Wednesday, February 24, 2016

Blue Ribbon Trail Ride by Miralee Ferrell

I've read hundreds of adult Christian fiction titles over the past twenty years, and while not all been hits with me, I can solidly state that Christian fiction, and all its subgenres, have attracted some talented writers.  I think the genre has a dedicated group of followers and a demand for more stories.
It makes sense that those voracious readers might come from the body of younger readers that have "aged" into adult books.  One would think then, that  Christian fiction would have also developed a large body of teen, preteen, middle school, and elementary school fiction titles.  I don't think that is true, so I was happy to see that Miralee Ferrell and David C. Cook publishers have created a mystery series called HORSES AND FRIENDS.  When I was a school librarian, I could always count on having a group of horse crazy girls, somewhere between third and sixth grade.  If I could get them interested in a series featuring horses, we were set for several months of eager reading.  And many other girls trended toward mysteries or friendship series.  So right off the bat, I think Ferrell has made some good choices in focus.

With all the bullying, and excessive focus on beauty, possessions, and technology in the child's world today, I commend Ferrell for developing characters who are thoughtfully kind and accepting. Thirteen year old Kate Ferris and her three besties decide that a trail ride would be a wonderful way to raise money to send Kate's autistic brother to a summer camp that the family can't afford on their own.  Like an old Mickey Rooney/Judy Garland movie, they work together to get sponsors and set up the ride.  But it appears all will be a failure when the antique tin box Kate's mother has been using to hold the entry fees is stolen.   While the kids' attempts to solve the mystery of the missing money offers some humor (a forage through a hoarder's house and a bucket of manure used as a trap), it doesn't quite deliver the suspense that I've seen in other kid's mysteries.  This book is number four in the series, so I am sure the ring of best friends is already strongly established by now, but even so, I think the friendship aspect clearly shines above the plot. Another strong quality to this book is the relationship between Kate and her parents.  While many secular children's books (and television shows) depict the parents as buffoons, obsessed with their own lives, or simply missing, Kate's parents are there supporting the kids throughout the book. That said, they aren't hovering helicopters and there is room for the kids to make mistakes. As the book nears the end, it seems like everything just falls together too suddenly. The trail ride happens without really being covered much by the author, the thief comes forward and confesses, makes amends and the book ends.  While this ending does give a good lesson on guilt and forgiveness, it seems slightly abrupt.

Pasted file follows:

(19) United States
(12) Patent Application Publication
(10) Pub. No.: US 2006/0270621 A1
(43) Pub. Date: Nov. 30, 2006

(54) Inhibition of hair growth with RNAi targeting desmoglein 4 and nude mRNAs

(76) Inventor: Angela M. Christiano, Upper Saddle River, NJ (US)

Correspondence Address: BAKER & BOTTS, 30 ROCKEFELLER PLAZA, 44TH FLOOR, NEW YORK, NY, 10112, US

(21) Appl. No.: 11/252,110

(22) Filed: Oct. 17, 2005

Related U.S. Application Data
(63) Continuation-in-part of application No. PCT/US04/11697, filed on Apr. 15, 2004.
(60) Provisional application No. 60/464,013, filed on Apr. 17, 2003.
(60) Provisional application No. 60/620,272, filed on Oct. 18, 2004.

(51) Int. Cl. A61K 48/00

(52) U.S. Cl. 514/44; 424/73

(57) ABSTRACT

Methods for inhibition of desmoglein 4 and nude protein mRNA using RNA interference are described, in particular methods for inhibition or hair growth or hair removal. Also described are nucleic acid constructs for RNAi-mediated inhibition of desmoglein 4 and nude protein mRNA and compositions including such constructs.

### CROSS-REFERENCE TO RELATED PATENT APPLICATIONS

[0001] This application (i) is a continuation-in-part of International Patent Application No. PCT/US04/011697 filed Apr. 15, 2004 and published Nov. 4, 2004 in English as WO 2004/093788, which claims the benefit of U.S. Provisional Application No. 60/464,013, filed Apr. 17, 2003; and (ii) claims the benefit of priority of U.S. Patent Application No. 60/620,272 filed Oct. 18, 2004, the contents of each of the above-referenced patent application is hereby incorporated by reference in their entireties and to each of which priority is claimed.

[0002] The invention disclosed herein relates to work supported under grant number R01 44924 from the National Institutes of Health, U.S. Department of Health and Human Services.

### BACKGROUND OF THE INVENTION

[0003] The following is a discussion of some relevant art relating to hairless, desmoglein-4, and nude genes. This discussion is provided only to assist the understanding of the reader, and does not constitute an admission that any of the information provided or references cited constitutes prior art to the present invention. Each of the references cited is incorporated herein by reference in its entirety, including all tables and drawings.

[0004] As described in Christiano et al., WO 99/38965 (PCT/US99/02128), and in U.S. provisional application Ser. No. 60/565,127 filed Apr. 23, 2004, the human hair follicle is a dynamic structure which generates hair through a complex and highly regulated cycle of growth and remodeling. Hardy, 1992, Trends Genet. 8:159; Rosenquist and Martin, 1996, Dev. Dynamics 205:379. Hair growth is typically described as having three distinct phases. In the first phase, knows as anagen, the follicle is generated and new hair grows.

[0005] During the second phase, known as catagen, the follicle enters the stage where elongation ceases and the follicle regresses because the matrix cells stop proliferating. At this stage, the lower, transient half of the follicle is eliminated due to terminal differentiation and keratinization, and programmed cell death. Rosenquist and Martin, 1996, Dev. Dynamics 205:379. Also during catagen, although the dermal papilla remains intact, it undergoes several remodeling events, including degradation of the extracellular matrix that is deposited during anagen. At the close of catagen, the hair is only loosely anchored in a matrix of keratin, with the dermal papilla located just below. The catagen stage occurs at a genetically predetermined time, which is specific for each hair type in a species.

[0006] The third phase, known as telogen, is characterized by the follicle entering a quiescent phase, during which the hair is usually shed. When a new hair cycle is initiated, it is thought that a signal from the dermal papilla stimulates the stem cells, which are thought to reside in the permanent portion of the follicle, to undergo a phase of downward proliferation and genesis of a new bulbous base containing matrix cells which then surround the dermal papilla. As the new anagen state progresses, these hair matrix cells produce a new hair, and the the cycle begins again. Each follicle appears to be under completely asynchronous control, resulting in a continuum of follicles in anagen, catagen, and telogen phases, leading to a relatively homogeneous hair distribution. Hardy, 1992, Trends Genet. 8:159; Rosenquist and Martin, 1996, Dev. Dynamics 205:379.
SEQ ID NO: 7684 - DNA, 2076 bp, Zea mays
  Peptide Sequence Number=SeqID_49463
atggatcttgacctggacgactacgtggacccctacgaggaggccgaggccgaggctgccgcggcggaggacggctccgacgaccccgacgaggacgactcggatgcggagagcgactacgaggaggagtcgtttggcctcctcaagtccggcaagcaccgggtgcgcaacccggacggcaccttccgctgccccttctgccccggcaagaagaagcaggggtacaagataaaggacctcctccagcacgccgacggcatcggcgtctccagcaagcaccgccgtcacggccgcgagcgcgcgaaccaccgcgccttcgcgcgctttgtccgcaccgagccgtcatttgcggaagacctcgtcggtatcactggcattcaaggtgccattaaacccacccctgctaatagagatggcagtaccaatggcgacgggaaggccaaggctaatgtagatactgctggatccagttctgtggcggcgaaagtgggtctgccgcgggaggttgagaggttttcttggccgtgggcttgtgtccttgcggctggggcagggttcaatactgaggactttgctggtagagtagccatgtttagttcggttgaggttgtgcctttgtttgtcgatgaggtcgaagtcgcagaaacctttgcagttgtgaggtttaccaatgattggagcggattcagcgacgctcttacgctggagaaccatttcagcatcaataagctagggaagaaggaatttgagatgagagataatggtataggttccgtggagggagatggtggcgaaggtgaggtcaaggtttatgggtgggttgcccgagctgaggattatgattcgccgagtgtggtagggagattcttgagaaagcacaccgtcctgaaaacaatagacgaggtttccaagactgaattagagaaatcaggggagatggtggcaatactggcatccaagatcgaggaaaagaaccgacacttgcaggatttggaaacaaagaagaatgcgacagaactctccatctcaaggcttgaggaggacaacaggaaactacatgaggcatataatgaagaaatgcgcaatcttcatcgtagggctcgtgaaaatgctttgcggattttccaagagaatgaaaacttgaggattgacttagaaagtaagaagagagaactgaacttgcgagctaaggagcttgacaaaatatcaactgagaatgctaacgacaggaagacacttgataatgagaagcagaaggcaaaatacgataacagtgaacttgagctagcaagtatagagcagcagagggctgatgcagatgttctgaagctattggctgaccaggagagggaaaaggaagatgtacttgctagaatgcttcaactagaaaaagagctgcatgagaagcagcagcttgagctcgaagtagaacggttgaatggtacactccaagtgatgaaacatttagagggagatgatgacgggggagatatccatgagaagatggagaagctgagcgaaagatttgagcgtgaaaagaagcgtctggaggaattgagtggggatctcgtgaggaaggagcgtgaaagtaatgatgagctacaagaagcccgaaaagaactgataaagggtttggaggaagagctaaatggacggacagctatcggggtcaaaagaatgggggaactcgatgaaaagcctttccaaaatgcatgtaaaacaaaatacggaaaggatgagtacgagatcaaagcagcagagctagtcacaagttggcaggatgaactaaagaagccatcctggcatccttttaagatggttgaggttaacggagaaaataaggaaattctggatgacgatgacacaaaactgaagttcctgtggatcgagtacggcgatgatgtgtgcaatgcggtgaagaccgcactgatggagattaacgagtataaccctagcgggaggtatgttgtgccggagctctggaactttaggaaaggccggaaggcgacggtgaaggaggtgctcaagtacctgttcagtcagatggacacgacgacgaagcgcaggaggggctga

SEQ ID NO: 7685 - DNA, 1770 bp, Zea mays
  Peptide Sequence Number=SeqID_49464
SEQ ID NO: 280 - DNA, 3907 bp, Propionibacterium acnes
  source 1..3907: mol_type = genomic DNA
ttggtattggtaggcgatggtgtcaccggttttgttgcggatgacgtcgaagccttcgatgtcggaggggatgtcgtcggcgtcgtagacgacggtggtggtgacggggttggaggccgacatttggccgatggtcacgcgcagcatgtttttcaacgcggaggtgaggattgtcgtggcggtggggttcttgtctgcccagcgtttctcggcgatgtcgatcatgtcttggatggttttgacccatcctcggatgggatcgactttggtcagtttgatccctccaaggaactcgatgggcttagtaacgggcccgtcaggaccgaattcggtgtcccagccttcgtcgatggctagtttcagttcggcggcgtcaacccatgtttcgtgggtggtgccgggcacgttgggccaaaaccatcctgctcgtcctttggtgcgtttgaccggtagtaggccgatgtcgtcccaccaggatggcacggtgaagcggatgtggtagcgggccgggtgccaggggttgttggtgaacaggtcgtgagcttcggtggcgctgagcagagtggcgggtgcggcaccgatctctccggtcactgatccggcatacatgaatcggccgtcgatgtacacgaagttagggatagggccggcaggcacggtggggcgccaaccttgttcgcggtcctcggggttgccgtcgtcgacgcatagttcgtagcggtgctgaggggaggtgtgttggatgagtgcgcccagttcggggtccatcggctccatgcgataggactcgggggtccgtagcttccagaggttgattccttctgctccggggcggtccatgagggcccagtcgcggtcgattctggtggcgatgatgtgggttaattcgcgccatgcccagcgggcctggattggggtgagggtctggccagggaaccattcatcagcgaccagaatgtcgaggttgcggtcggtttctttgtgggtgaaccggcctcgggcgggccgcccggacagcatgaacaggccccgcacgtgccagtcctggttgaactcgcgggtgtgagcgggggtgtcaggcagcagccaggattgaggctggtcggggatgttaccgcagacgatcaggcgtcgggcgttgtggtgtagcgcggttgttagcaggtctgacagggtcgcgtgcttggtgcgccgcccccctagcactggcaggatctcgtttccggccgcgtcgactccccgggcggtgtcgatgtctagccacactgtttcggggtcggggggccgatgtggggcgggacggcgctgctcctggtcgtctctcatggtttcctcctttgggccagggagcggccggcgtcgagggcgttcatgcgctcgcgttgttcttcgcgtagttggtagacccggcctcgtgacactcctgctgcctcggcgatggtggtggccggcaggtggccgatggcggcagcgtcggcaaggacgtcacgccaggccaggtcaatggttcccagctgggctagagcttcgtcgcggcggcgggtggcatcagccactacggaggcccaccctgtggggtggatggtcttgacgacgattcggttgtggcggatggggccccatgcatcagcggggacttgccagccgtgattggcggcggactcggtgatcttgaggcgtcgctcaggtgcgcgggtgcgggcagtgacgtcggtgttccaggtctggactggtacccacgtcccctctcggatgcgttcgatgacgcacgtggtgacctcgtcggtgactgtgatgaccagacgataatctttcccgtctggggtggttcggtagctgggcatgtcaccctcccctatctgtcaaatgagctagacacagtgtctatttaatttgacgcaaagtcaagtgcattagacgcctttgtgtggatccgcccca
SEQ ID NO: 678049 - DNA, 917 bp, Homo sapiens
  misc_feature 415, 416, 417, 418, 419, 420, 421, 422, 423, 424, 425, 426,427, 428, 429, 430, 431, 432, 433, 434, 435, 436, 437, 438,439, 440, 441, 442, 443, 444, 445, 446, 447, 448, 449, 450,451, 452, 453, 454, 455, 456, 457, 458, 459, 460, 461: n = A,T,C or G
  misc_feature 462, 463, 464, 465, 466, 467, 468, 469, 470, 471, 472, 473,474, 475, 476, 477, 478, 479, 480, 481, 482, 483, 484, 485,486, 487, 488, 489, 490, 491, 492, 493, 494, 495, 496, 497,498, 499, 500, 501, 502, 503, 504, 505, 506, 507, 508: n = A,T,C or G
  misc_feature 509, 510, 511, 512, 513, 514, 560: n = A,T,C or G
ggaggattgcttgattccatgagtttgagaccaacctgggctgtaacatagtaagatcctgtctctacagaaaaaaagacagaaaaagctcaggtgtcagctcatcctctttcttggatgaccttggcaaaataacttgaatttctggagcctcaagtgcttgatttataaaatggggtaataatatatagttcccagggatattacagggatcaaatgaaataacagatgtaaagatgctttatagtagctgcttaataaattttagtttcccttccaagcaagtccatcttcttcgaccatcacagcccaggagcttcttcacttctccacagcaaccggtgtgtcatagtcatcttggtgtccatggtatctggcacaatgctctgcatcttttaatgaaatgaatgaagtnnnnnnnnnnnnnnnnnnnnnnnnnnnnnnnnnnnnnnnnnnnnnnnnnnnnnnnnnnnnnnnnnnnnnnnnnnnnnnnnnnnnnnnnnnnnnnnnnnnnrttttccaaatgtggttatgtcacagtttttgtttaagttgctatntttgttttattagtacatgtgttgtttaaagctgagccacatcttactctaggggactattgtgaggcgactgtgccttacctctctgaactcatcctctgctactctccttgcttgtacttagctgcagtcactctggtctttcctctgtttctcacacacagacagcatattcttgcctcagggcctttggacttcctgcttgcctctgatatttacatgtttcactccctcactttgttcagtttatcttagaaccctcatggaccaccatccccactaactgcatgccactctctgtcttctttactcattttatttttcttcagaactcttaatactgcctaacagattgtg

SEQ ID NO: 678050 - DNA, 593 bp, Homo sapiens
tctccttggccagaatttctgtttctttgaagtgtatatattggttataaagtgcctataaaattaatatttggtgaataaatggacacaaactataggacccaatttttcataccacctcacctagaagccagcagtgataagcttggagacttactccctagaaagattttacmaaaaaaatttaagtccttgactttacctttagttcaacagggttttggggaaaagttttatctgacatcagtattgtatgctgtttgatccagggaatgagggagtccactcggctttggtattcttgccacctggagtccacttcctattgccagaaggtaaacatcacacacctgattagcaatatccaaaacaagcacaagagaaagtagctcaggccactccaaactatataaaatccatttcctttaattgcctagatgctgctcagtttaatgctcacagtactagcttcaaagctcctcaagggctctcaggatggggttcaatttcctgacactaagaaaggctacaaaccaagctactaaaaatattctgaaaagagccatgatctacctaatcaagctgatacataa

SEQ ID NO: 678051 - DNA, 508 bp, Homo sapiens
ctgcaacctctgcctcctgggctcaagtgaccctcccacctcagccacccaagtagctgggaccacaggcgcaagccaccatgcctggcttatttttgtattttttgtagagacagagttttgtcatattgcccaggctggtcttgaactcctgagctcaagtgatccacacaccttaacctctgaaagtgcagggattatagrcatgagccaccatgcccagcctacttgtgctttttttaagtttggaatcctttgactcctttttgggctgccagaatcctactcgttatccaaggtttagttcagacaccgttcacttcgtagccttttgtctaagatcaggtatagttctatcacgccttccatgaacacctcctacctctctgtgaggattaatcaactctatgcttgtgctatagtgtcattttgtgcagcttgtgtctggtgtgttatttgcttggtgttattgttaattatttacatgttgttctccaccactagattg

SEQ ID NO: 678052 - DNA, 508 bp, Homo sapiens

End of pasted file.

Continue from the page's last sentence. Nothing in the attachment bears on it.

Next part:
I really wanted to like this book more than I did.  I find so many positives to commend.  First and above all, I want there to be quality Christian reading choices for kids, like there are for adults.  That demands walking a fine line between telling good story and "preachiness."  From an early age, kids are sophisticated readers, and, in order to be genuine, stories must have a mix of strong characterization and compelling, believable plots. Somehow, action, humor or suspense or all need to be present.  Ferrell has gotten some of that right in BLUE RIBBON TRAIL --the hayloft/computer/manure incident are clear evidence of that.  Also true horse lovers will enjoy the chapter where Kate and her friends work on their jumping skills.  But I felt the mystery aspect fell flat.  Also I would like to point out that these titles feature 13 year old characters and are labeled middle school books, but I would have had a hard sell to any readers above early fifth grade in our school district.  I really think these books hit a target age of 10 and 11 year olds.  I am going to pass these books along to my 11 year old granddaughter (will be 12 in June) and hope she enjoys them. I fear I may be a year too late, as her reading interests have matured quite a bit recently.  I received the four books in the series from Litfuse and the publisher.  I was only required to review BLUE RIBBON TRAIL RIDE.

No comments:

Post a Comment